It’s an odd way to travel, the train.

You sit around tables with people you don’t know, trying to keep to your own space as best as possible, akward eye contact and a hurried sorry whenever you accidentally make contact.

Some people get around this, strike up conversations, listen to music, but at the end of the day, it’s awkward. It’s not fun, however much they preach about giving you space, it’s just not comfortable. The  Spend enough of your time on a train, and you might just start living your life that way, that’s what they’ve told me. My name’s not important, I work in sales, but that’s not important either, life is a slew of handshakes and small talk, hotel rooms and train journeys. It’s been said I can do what I do over the phone or email, I say nothing does the trick like a face to face meet to get a real feel for who you’re talking to and what you’re talking about. Why don’t I drive from place to place? I don’t want to deprive myself of the only real human contact in my life. Working in sales is more akin to sparring then conversation, a subtle haggle over prices and sale lines, They see me as just a suit, peddling my wares. It’s not untrue.

I don’t remember the last time I unpacked my suitcase, but  at least I never have to make my own bed. I’m on the train now, Charing Cross to Dover Priory, It’s late in the day, and the few passengers aboard are sleeping,listening to music or talking quietly In a huddle.


I welcome the silence, Ricky, now retired but has been “running his newsagents longer then you’ve been walking gods green earth” put the world to rights on the earlier train, Which I doubted, closing forty myself, but I tried to believe everything I was told on train journeys, why lie to a man you’ll never speak to again? In addition to his newspaper expertise we covered his favourite recipes for pasties, his wife’s former career as a teaching assistant and West ham’s current form in the premier league.

I must confess to being a West ham fan myself, although I couldn’t remember the last time I’d caught a game, or followed them in any way besides the sport pages of the paper so I welcomed the conversation. We need to scrounge up some strikers from somewhere, and if we don’t pull our weight soon, apparently we’ll be relegated. We parted as friends once we reached London though I doubted we’d ever meet again, and I went on with my journey. I suppose that’s what my life was really about now, part time friends.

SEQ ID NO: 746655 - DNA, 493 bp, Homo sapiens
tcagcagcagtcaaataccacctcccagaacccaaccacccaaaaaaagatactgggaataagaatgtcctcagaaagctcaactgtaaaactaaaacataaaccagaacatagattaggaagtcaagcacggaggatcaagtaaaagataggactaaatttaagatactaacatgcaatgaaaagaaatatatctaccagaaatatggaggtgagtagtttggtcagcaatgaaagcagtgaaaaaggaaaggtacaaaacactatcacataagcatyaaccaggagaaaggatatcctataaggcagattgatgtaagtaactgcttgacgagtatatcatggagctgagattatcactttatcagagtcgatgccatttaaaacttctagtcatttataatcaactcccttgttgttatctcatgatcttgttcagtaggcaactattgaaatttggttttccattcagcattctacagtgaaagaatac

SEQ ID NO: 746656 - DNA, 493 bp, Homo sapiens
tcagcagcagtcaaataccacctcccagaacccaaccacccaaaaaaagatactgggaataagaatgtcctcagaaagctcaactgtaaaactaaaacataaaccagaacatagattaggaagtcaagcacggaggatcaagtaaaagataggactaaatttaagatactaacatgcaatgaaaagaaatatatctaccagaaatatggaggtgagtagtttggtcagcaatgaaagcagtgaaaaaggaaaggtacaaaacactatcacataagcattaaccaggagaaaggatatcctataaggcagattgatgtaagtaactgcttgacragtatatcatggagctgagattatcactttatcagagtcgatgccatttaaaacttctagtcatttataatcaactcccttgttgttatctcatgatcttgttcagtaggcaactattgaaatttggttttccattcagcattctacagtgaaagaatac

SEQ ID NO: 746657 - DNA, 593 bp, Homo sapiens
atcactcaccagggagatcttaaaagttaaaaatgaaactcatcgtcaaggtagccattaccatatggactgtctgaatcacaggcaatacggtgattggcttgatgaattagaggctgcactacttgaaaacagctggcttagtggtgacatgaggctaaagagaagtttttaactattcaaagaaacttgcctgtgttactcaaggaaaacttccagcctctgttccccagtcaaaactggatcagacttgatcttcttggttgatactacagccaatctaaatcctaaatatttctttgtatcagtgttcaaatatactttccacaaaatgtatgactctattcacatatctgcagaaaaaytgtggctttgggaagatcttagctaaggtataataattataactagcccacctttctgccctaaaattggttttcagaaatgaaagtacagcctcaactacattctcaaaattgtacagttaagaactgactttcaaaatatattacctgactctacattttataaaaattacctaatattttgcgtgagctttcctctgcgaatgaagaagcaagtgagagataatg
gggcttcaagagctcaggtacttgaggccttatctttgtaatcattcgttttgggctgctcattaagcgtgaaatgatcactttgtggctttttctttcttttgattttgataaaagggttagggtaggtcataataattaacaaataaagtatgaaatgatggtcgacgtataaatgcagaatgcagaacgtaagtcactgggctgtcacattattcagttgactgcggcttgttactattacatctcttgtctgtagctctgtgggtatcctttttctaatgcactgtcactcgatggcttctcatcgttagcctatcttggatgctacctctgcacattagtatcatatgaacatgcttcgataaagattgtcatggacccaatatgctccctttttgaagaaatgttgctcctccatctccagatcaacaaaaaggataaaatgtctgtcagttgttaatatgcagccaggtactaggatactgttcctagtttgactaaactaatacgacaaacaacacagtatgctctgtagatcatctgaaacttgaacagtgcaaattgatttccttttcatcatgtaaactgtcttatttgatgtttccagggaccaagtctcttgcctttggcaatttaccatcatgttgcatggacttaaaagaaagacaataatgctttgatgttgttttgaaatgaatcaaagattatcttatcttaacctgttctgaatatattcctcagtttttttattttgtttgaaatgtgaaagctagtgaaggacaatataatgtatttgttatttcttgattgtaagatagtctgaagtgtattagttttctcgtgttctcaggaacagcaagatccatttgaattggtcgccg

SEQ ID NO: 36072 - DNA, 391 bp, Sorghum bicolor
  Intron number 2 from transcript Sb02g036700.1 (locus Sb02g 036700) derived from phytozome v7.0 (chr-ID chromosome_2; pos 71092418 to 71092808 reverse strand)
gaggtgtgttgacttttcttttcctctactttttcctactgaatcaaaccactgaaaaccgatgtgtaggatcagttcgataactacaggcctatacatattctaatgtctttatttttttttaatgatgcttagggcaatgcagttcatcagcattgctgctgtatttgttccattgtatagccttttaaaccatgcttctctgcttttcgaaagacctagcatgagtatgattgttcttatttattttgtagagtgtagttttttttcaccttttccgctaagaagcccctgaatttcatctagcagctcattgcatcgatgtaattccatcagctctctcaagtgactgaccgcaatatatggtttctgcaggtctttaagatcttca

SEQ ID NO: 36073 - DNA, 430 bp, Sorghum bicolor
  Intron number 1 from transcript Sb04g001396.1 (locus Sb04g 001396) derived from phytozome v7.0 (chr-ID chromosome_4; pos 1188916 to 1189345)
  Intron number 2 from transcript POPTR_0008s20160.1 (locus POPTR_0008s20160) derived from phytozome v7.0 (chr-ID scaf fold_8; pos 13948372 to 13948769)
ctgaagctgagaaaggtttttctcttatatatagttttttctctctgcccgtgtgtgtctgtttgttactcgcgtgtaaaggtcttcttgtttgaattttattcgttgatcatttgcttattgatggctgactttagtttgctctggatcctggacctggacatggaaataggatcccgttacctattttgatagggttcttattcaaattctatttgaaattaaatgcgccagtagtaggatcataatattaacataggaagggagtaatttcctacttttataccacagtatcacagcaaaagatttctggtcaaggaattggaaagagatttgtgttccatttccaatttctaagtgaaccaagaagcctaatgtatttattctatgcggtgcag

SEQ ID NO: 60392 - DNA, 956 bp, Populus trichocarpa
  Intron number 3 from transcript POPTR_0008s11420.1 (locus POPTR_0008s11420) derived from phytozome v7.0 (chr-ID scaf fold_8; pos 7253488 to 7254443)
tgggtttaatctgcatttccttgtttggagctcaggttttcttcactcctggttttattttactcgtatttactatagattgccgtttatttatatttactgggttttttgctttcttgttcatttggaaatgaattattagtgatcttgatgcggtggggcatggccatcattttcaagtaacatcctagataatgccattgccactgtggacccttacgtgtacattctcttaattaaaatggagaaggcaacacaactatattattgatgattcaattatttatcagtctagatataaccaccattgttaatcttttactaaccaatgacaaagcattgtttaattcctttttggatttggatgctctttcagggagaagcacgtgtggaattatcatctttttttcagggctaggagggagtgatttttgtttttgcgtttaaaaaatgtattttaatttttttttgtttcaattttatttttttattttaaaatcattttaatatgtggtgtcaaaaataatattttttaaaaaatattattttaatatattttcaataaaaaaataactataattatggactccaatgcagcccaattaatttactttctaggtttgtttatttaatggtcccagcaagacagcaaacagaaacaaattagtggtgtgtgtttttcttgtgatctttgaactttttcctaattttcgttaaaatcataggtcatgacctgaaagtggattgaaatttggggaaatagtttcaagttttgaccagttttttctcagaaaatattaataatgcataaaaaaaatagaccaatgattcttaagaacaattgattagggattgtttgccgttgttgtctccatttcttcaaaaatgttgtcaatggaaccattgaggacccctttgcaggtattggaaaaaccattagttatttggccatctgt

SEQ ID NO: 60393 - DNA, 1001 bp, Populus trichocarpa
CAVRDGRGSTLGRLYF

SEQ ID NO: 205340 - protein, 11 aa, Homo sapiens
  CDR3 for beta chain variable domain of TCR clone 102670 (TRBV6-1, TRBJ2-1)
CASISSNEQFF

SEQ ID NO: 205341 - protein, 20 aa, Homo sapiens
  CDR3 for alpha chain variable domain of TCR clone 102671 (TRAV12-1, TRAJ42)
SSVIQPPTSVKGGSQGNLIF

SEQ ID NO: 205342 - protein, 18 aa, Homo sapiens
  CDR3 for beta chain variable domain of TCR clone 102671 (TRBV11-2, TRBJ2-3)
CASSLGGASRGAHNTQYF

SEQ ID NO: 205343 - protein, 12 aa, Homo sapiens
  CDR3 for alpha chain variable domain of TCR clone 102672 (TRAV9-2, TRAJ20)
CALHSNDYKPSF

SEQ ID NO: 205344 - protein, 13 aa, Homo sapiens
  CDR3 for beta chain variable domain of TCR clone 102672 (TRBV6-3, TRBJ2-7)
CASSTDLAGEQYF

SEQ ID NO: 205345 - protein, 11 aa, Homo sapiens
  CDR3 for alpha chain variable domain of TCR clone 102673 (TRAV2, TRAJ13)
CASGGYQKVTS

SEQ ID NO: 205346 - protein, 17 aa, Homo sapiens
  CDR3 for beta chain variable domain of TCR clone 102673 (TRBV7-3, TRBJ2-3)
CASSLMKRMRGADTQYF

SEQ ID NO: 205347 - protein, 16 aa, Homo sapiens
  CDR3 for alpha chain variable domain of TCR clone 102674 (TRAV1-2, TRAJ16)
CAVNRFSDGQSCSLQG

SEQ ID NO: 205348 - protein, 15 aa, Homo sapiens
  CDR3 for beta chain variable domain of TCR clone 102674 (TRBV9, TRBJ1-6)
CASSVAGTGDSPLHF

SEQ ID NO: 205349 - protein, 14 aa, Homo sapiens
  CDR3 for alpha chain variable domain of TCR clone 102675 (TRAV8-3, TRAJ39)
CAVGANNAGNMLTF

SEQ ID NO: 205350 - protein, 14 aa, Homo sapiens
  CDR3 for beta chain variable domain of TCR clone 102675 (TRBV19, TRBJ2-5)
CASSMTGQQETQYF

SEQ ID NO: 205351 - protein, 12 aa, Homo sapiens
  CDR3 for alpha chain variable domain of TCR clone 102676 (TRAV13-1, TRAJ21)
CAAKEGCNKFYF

I find it tricky to build lasting human relationships, the combination of my constant travelling and the Aspergers I seem to be continually referring to now has killed off any of the more resilient friendships in my life, which works out okay, because now I don’t feel so bad for spending every night in a different hotel room. It may sound like I’m somewhat fucked up, a train wreck of a man, but I’ve seen far worse, I just try to be honest about it, I know my flaws, and acknowledge them.

I met a man standing on the platform in Exeter, we talked for twenty minutes while waiting for the train, he told me about his daughter, how his wife was divorcing him and moving to Canada, but he was planning on fighting her for custody. I found it difficult to empathise with him after nothing more than a decade of meaningless one night stands.

I’d just managed to turn the conversation to his work when the train came to the platform, and he, mid-sentence, stepped out in front of it. It delayed the train for damn near two hours. It struck me, perhaps too late considering, that I’d never asked his name. I guess the legal fees scared the hell out of him.

You must be wondering, at this juncture, what my point is, And if you pressed me for it, I wouldn’t really have one. I enjoy travelling by train, but it’s been so long since my life has had any lasting emotional context, I felt I had to spell it out for someone. Some people spend their entire lives just internalising their feelings, public transport is no place to air them, how often do you see people crying on trains, how often do you see blazing arguments? Aside from exceptions, when someone blows their top on a late night train, it’s like living in an emotionless bubble.

This makes my earlier comment about using trains to try and soak up some kind of emotional connection that i’m not getting anywhere else in my life totally irrelevant, but it’s all about the small steps. In the smaller doses you get on trains, it’s okay, helps me feel more like I’m part of something, just another cog in the machine of society. I’m not the sharpest knife in the drawer, most women won’t look twice, but life rattles on. I guess I just felt I should get this off my chest, before the next person in front of the train is me.

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Jake Tucker

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